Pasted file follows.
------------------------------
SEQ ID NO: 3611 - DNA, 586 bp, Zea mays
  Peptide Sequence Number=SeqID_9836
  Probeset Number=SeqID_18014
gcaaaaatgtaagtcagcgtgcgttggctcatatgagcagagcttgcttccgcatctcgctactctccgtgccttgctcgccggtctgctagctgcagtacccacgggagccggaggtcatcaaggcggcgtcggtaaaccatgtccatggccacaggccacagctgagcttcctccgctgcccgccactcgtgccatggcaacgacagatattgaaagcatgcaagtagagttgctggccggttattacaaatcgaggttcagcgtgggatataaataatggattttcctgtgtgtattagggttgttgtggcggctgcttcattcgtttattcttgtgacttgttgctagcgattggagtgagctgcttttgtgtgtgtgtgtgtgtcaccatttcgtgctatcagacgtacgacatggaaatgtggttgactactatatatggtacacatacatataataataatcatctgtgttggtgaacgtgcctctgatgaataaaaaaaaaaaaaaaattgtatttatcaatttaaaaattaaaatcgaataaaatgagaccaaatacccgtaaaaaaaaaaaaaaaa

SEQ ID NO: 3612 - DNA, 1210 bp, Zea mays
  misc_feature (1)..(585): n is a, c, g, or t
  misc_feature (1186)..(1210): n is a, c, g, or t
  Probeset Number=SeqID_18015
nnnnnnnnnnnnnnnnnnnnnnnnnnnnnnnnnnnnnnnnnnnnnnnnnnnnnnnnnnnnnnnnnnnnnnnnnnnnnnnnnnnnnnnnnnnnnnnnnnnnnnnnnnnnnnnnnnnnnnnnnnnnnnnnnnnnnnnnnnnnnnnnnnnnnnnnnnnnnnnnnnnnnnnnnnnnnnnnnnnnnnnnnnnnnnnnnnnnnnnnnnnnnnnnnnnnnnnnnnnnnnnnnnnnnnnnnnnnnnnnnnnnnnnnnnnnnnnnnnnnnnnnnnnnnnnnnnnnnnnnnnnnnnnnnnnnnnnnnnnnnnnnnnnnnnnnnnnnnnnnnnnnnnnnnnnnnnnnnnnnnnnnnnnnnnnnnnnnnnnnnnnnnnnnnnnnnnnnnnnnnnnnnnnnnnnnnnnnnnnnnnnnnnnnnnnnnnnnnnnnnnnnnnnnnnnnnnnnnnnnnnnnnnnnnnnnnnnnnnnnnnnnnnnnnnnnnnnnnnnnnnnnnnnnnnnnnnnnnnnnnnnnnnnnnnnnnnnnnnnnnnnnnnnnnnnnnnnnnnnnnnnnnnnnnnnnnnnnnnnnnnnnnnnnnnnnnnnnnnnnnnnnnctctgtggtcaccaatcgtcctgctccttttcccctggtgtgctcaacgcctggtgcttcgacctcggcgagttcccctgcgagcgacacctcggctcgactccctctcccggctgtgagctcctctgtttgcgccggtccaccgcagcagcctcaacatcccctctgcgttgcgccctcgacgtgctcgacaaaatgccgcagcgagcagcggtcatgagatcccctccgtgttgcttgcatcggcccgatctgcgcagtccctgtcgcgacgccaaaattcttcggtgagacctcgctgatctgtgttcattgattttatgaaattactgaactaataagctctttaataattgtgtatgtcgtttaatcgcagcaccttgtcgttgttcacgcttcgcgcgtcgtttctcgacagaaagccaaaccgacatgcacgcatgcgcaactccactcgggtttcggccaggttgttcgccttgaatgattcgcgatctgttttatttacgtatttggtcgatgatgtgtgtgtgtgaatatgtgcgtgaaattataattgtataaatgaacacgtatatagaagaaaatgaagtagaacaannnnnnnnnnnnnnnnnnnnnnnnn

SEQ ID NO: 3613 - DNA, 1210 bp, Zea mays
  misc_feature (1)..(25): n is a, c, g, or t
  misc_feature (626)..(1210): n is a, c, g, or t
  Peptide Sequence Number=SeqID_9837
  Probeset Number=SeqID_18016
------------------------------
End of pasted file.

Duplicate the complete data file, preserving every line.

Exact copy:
SEQ ID NO: 3611 - DNA, 586 bp, Zea mays
  Peptide Sequence Number=SeqID_9836
  Probeset Number=SeqID_18014
gcaaaaatgtaagtcagcgtgcgttggctcatatgagcagagcttgcttccgcatctcgctactctccgtgccttgctcgccggtctgctagctgcagtacccacgggagccggaggtcatcaaggcggcgtcggtaaaccatgtccatggccacaggccacagctgagcttcctccgctgcccgccactcgtgccatggcaacgacagatattgaaagcatgcaagtagagttgctggccggttattacaaatcgaggttcagcgtgggatataaataatggattttcctgtgtgtattagggttgttgtggcggctgcttcattcgtttattcttgtgacttgttgctagcgattggagtgagctgcttttgtgtgtgtgtgtgtgtcaccatttcgtgctatcagacgtacgacatggaaatgtggttgactactatatatggtacacatacatataataataatcatctgtgttggtgaacgtgcctctgatgaataaaaaaaaaaaaaaaattgtatttatcaatttaaaaattaaaatcgaataaaatgagaccaaatacccgtaaaaaaaaaaaaaaaa

SEQ ID NO: 3612 - DNA, 1210 bp, Zea mays
  misc_feature (1)..(585): n is a, c, g, or t
  misc_feature (1186)..(1210): n is a, c, g, or t
  Probeset Number=SeqID_18015
nnnnnnnnnnnnnnnnnnnnnnnnnnnnnnnnnnnnnnnnnnnnnnnnnnnnnnnnnnnnnnnnnnnnnnnnnnnnnnnnnnnnnnnnnnnnnnnnnnnnnnnnnnnnnnnnnnnnnnnnnnnnnnnnnnnnnnnnnnnnnnnnnnnnnnnnnnnnnnnnnnnnnnnnnnnnnnnnnnnnnnnnnnnnnnnnnnnnnnnnnnnnnnnnnnnnnnnnnnnnnnnnnnnnnnnnnnnnnnnnnnnnnnnnnnnnnnnnnnnnnnnnnnnnnnnnnnnnnnnnnnnnnnnnnnnnnnnnnnnnnnnnnnnnnnnnnnnnnnnnnnnnnnnnnnnnnnnnnnnnnnnnnnnnnnnnnnnnnnnnnnnnnnnnnnnnnnnnnnnnnnnnnnnnnnnnnnnnnnnnnnnnnnnnnnnnnnnnnnnnnnnnnnnnnnnnnnnnnnnnnnnnnnnnnnnnnnnnnnnnnnnnnnnnnnnnnnnnnnnnnnnnnnnnnnnnnnnnnnnnnnnnnnnnnnnnnnnnnnnnnnnnnnnnnnnnnnnnnnnnnnnnnnnnnnnnnnnnnnnnnnnnnnnnnnnnnnnnnnnnnnnnnctctgtggtcaccaatcgtcctgctccttttcccctggtgtgctcaacgcctggtgcttcgacctcggcgagttcccctgcgagcgacacctcggctcgactccctctcccggctgtgagctcctctgtttgcgccggtccaccgcagcagcctcaacatcccctctgcgttgcgccctcgacgtgctcgacaaaatgccgcagcgagcagcggtcatgagatcccctccgtgttgcttgcatcggcccgatctgcgcagtccctgtcgcgacgccaaaattcttcggtgagacctcgctgatctgtgttcattgattttatgaaattactgaactaataagctctttaataattgtgtatgtcgtttaatcgcagcaccttgtcgttgttcacgcttcgcgcgtcgtttctcgacagaaagccaaaccgacatgcacgcatgcgcaactccactcgggtttcggccaggttgttcgccttgaatgattcgcgatctgttttatttacgtatttggtcgatgatgtgtgtgtgtgaatatgtgcgtgaaattataattgtataaatgaacacgtatatagaagaaaatgaagtagaacaannnnnnnnnnnnnnnnnnnnnnnnn

SEQ ID NO: 3613 - DNA, 1210 bp, Zea mays
  misc_feature (1)..(25): n is a, c, g, or t
  misc_feature (626)..(1210): n is a, c, g, or t
  Peptide Sequence Number=SeqID_9837
  Probeset Number=SeqID_18016